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As a people photographer, I am not a specialist in photographing still forms like architectural structures and interior spaces. However, because I photograph weddings, I often take photos of interiors and locations as part of the wedding photos I give my clients. This is essentially how I learned to develop an eye for detail, form and structure as part and parcel of my work.
Let me share with you a few tips I have learned that will hopefully get you started in photographing interior spaces and architecture if you are a people photographer.
One of the advantages of still photography is simply that – nothing moves. You can leverage this by playing with your settings, especially the shutter speed. With the camera rested on a tripod or a table, you can play around with very slow shutter speeds to maximize capturing ambient light even in very dark corners, limited light, or night interior photography. If there are lamps and lights that make up the overall ambiance of the room, include them and take advantage of slow shutter speeds and long exposures. You can also keep your ISO low this way and have the bonus of clean noiseless images.
It is important to remember that for interiors, you should aim for balanced lighting. Meaning there are no overly dark shadows or overly bright highlights. You want to see the detail in dark areas but not blow out the light areas altogether. Because we are talking about natural light, think about which times of the day which best feature the interior space. Early morning and late afternoon light are the softest. Overcast days produce soft light. Bright super sunny days produce harsher light especially midday and therefore you may want to take into consideration shadows produced in the interior from harsh outside light. In contrast to photographing people, I would normally use these shadows as an artistic element of the photo. Interior spaces however are different and this may not always be appropriate.
Early morning and late afternoon light are the softest. Overcast days produce soft light. Bright super sunny days produce harsher light, especially midday. Therefore you may want to take into consideration any shadows produced in the interior from harsh outside light. In contrast to photographing people, I would normally use these shadows as an artistic element of the photo. Interior spaces, however, are different and this may not always be appropriate.
Not only is the 50mm lens the closest lens that resembles the human eye (when using a full frame camera), it is also the perfect lens to separate some areas and details of the space without going in too close. In a way, it is an excellent “portrait” lens for spaces, whereas my 85mm is my choice of portrait lens for people.
When using wider lenses, I find I have to correct quite a lot of distortion on the edges of the frame. With the 50mm this is hardly an issue. The results are pleasing to the eye and it evokes a very natural look, making you feel like you are within the actual space yourself.
This is tricky and the nemesis of many photographers. Most non-photographers are oblivious to white balance. This is especially obvious in weddings where the bride’s dress looks blue and people’s faces register as magenta, yet hardly anyone notices.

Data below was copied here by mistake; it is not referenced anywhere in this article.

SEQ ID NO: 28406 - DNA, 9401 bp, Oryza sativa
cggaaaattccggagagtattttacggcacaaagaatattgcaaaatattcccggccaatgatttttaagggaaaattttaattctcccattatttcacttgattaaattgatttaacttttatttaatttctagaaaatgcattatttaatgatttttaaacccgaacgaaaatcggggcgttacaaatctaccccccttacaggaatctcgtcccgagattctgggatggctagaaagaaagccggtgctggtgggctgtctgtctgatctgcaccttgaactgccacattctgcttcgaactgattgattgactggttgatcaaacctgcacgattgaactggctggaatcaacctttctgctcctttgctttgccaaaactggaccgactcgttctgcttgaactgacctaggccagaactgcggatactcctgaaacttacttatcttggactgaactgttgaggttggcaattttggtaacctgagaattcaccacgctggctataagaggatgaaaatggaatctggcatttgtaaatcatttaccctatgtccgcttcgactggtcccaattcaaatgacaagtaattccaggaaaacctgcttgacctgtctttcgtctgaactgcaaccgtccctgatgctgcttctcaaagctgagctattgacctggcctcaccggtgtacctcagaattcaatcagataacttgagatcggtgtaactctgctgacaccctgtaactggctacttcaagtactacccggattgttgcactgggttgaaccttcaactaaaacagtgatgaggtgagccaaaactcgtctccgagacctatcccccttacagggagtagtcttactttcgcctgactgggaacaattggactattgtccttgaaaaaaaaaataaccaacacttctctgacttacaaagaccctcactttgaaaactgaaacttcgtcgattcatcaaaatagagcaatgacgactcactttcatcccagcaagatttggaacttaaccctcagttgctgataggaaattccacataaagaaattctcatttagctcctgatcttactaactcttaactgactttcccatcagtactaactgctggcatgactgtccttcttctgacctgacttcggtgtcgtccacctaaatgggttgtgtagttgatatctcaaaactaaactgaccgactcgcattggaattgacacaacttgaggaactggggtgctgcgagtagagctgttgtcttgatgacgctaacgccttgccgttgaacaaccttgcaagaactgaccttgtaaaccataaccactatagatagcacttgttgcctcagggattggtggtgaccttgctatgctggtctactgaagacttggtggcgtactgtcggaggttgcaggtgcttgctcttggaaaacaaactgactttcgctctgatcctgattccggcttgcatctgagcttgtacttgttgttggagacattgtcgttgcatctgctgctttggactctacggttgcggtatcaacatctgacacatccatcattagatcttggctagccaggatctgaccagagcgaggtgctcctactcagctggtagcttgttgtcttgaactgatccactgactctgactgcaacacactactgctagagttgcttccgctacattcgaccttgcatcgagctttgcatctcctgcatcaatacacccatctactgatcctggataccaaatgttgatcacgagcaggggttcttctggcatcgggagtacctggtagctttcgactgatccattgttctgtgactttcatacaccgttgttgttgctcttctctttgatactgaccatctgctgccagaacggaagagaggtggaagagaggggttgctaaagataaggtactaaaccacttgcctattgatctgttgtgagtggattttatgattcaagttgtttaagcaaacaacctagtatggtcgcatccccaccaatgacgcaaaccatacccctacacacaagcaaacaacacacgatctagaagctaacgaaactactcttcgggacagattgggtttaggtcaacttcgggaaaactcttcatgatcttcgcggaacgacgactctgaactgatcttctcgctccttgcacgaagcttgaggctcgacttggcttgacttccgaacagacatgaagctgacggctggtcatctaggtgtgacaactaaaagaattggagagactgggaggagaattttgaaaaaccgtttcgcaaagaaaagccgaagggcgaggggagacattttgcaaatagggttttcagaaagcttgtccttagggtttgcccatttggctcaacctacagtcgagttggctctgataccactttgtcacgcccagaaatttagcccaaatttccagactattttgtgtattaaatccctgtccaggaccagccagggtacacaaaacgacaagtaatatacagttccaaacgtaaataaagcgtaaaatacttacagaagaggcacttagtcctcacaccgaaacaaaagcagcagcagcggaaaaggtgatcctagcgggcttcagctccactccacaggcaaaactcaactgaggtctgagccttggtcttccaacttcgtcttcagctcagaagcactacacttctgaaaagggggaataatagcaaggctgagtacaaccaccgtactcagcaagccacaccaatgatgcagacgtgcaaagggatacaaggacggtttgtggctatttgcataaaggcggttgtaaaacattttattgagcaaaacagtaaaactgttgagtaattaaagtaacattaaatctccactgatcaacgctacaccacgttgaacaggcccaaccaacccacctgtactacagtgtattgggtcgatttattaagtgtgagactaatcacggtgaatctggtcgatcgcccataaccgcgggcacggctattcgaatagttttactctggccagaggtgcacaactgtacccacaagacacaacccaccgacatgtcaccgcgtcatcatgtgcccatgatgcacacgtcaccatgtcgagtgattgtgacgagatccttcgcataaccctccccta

When I sold my house a few years back, the real estate agents who boasted of great property photography sent a photographer to my house to take some professional pictures. She arrived with a camera on the tripod and a flash head pointed slightly upwards. The lens used was very wide – I guessed around 10mm or 14mm. It took many days before the photos were up online, when finally I saw them, they were all very blue. My home felt so cold and not homely. One of the reasons for that was the incorrect white balance.
Personally, I prefer a warm feel to all my photos so I tend to edit towards that side. But do be careful that the whites still look white and not yellow or cream. Remember that what often draws people to an image is a feeling or emotion. Your image becomes all the more powerful if it reminds the viewer of a sentiment, experience, or something that resonates with them. White balance is key in helping achieve this kind of engagement with your viewer.
Nowadays, when you browse through interior design catalogues or blogs, you will come across many interior details, arrangements and vignettes that do not show the entire space. Everyone is doing it from high street department stores to high end interior designers. There must be a good reason for it. In order to reinforce engagement and a connection to your audience, details are essential.
Imagine walking into a space, or that you are viewing a house for the first time. Before you walk though the door, you survey the outside look of the property and its surroundings. You do the same as you walk in, surveying the overall scene before your eyes. But when you are inside you get closer and see the details.
You may want to touch and feel the walls, flip some switches on if they work, or sit on the sofa with fluffy scatter cushions. You want to get close, touch and feel things. It is not only a visual connection then, it becomes physical. This is the sense you want to achieve with your images when the viewer is not physically in the space. That is why close up shots and details are important.
With photography, aim to connect with your viewers not only by using visual senses but also with the power of emotion. If you can add a virtual physical touch to this engagement, all the better. When viewers look at your images and say, “I feel like I was actually there.” take that as one of the highest compliments.
I hope you enjoyed this little beginner’s journey into interior photography. Of course there are many more tips like straightening horizons and shooting through doors. If you have any other awesome tips, do share them here in the comments below.